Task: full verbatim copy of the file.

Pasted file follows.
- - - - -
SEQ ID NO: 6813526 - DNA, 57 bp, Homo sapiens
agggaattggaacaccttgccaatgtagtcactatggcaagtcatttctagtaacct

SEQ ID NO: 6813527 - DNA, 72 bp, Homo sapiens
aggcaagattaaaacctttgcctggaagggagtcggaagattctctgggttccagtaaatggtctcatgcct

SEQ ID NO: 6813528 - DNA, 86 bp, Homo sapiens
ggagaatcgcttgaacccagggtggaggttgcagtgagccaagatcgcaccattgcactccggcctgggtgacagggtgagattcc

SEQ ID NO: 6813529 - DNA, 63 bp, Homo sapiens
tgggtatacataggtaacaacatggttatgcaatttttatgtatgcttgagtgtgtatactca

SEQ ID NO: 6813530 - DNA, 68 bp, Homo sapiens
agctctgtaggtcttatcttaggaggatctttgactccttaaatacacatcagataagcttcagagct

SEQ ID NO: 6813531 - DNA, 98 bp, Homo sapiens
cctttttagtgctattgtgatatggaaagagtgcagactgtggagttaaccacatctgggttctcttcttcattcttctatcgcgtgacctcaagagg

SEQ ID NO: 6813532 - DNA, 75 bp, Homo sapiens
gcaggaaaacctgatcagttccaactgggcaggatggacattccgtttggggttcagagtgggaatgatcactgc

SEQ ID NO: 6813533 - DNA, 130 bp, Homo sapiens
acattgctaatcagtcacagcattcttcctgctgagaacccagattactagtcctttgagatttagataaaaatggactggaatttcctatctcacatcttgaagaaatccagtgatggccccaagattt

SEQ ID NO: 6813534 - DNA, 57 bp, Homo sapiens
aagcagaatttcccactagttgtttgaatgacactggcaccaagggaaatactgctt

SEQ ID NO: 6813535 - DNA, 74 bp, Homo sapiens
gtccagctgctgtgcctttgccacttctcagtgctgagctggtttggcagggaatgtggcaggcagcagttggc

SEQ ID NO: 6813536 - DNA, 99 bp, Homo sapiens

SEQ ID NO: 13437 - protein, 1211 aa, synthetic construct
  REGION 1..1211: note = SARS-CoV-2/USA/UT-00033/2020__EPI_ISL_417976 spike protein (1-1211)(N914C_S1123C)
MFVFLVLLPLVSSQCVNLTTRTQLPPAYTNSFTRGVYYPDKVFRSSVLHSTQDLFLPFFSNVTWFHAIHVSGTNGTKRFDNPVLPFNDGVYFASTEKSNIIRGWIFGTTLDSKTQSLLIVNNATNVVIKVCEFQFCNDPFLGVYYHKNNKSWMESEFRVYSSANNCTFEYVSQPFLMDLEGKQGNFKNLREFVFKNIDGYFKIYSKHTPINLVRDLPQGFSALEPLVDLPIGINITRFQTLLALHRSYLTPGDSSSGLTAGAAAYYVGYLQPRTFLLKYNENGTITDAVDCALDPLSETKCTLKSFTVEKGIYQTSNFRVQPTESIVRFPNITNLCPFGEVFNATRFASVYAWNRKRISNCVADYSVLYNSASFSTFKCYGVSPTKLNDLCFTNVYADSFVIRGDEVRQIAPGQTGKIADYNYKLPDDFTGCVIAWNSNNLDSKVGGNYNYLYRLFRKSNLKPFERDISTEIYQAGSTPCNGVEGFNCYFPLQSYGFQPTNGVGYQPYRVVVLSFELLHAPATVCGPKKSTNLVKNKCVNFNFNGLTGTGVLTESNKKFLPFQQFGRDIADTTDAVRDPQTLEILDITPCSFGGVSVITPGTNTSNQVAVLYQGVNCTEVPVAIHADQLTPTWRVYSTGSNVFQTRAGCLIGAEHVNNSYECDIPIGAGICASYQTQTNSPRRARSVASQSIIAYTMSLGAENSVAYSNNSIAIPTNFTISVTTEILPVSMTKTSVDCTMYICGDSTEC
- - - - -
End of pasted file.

SEQ ID NO: 6813526 - DNA, 57 bp, Homo sapiens
agggaattggaacaccttgccaatgtagtcactatggcaagtcatttctagtaacct

SEQ ID NO: 6813527 - DNA, 72 bp, Homo sapiens
aggcaagattaaaacctttgcctggaagggagtcggaagattctctgggttccagtaaatggtctcatgcct

SEQ ID NO: 6813528 - DNA, 86 bp, Homo sapiens
ggagaatcgcttgaacccagggtggaggttgcagtgagccaagatcgcaccattgcactccggcctgggtgacagggtgagattcc

SEQ ID NO: 6813529 - DNA, 63 bp, Homo sapiens
tgggtatacataggtaacaacatggttatgcaatttttatgtatgcttgagtgtgtatactca

SEQ ID NO: 6813530 - DNA, 68 bp, Homo sapiens
agctctgtaggtcttatcttaggaggatctttgactccttaaatacacatcagataagcttcagagct

SEQ ID NO: 6813531 - DNA, 98 bp, Homo sapiens
cctttttagtgctattgtgatatggaaagagtgcagactgtggagttaaccacatctgggttctcttcttcattcttctatcgcgtgacctcaagagg

SEQ ID NO: 6813532 - DNA, 75 bp, Homo sapiens
gcaggaaaacctgatcagttccaactgggcaggatggacattccgtttggggttcagagtgggaatgatcactgc

SEQ ID NO: 6813533 - DNA, 130 bp, Homo sapiens
acattgctaatcagtcacagcattcttcctgctgagaacccagattactagtcctttgagatttagataaaaatggactggaatttcctatctcacatcttgaagaaatccagtgatggccccaagattt

SEQ ID NO: 6813534 - DNA, 57 bp, Homo sapiens
aagcagaatttcccactagttgtttgaatgacactggcaccaagggaaatactgctt

SEQ ID NO: 6813535 - DNA, 74 bp, Homo sapiens
gtccagctgctgtgcctttgccacttctcagtgctgagctggtttggcagggaatgtggcaggcagcagttggc

SEQ ID NO: 6813536 - DNA, 99 bp, Homo sapiens

SEQ ID NO: 13437 - protein, 1211 aa, synthetic construct
  REGION 1..1211: note = SARS-CoV-2/USA/UT-00033/2020__EPI_ISL_417976 spike protein (1-1211)(N914C_S1123C)
MFVFLVLLPLVSSQCVNLTTRTQLPPAYTNSFTRGVYYPDKVFRSSVLHSTQDLFLPFFSNVTWFHAIHVSGTNGTKRFDNPVLPFNDGVYFASTEKSNIIRGWIFGTTLDSKTQSLLIVNNATNVVIKVCEFQFCNDPFLGVYYHKNNKSWMESEFRVYSSANNCTFEYVSQPFLMDLEGKQGNFKNLREFVFKNIDGYFKIYSKHTPINLVRDLPQGFSALEPLVDLPIGINITRFQTLLALHRSYLTPGDSSSGLTAGAAAYYVGYLQPRTFLLKYNENGTITDAVDCALDPLSETKCTLKSFTVEKGIYQTSNFRVQPTESIVRFPNITNLCPFGEVFNATRFASVYAWNRKRISNCVADYSVLYNSASFSTFKCYGVSPTKLNDLCFTNVYADSFVIRGDEVRQIAPGQTGKIADYNYKLPDDFTGCVIAWNSNNLDSKVGGNYNYLYRLFRKSNLKPFERDISTEIYQAGSTPCNGVEGFNCYFPLQSYGFQPTNGVGYQPYRVVVLSFELLHAPATVCGPKKSTNLVKNKCVNFNFNGLTGTGVLTESNKKFLPFQQFGRDIADTTDAVRDPQTLEILDITPCSFGGVSVITPGTNTSNQVAVLYQGVNCTEVPVAIHADQLTPTWRVYSTGSNVFQTRAGCLIGAEHVNNSYECDIPIGAGICASYQTQTNSPRRARSVASQSIIAYTMSLGAENSVAYSNNSIAIPTNFTISVTTEILPVSMTKTSVDCTMYICGDSTEC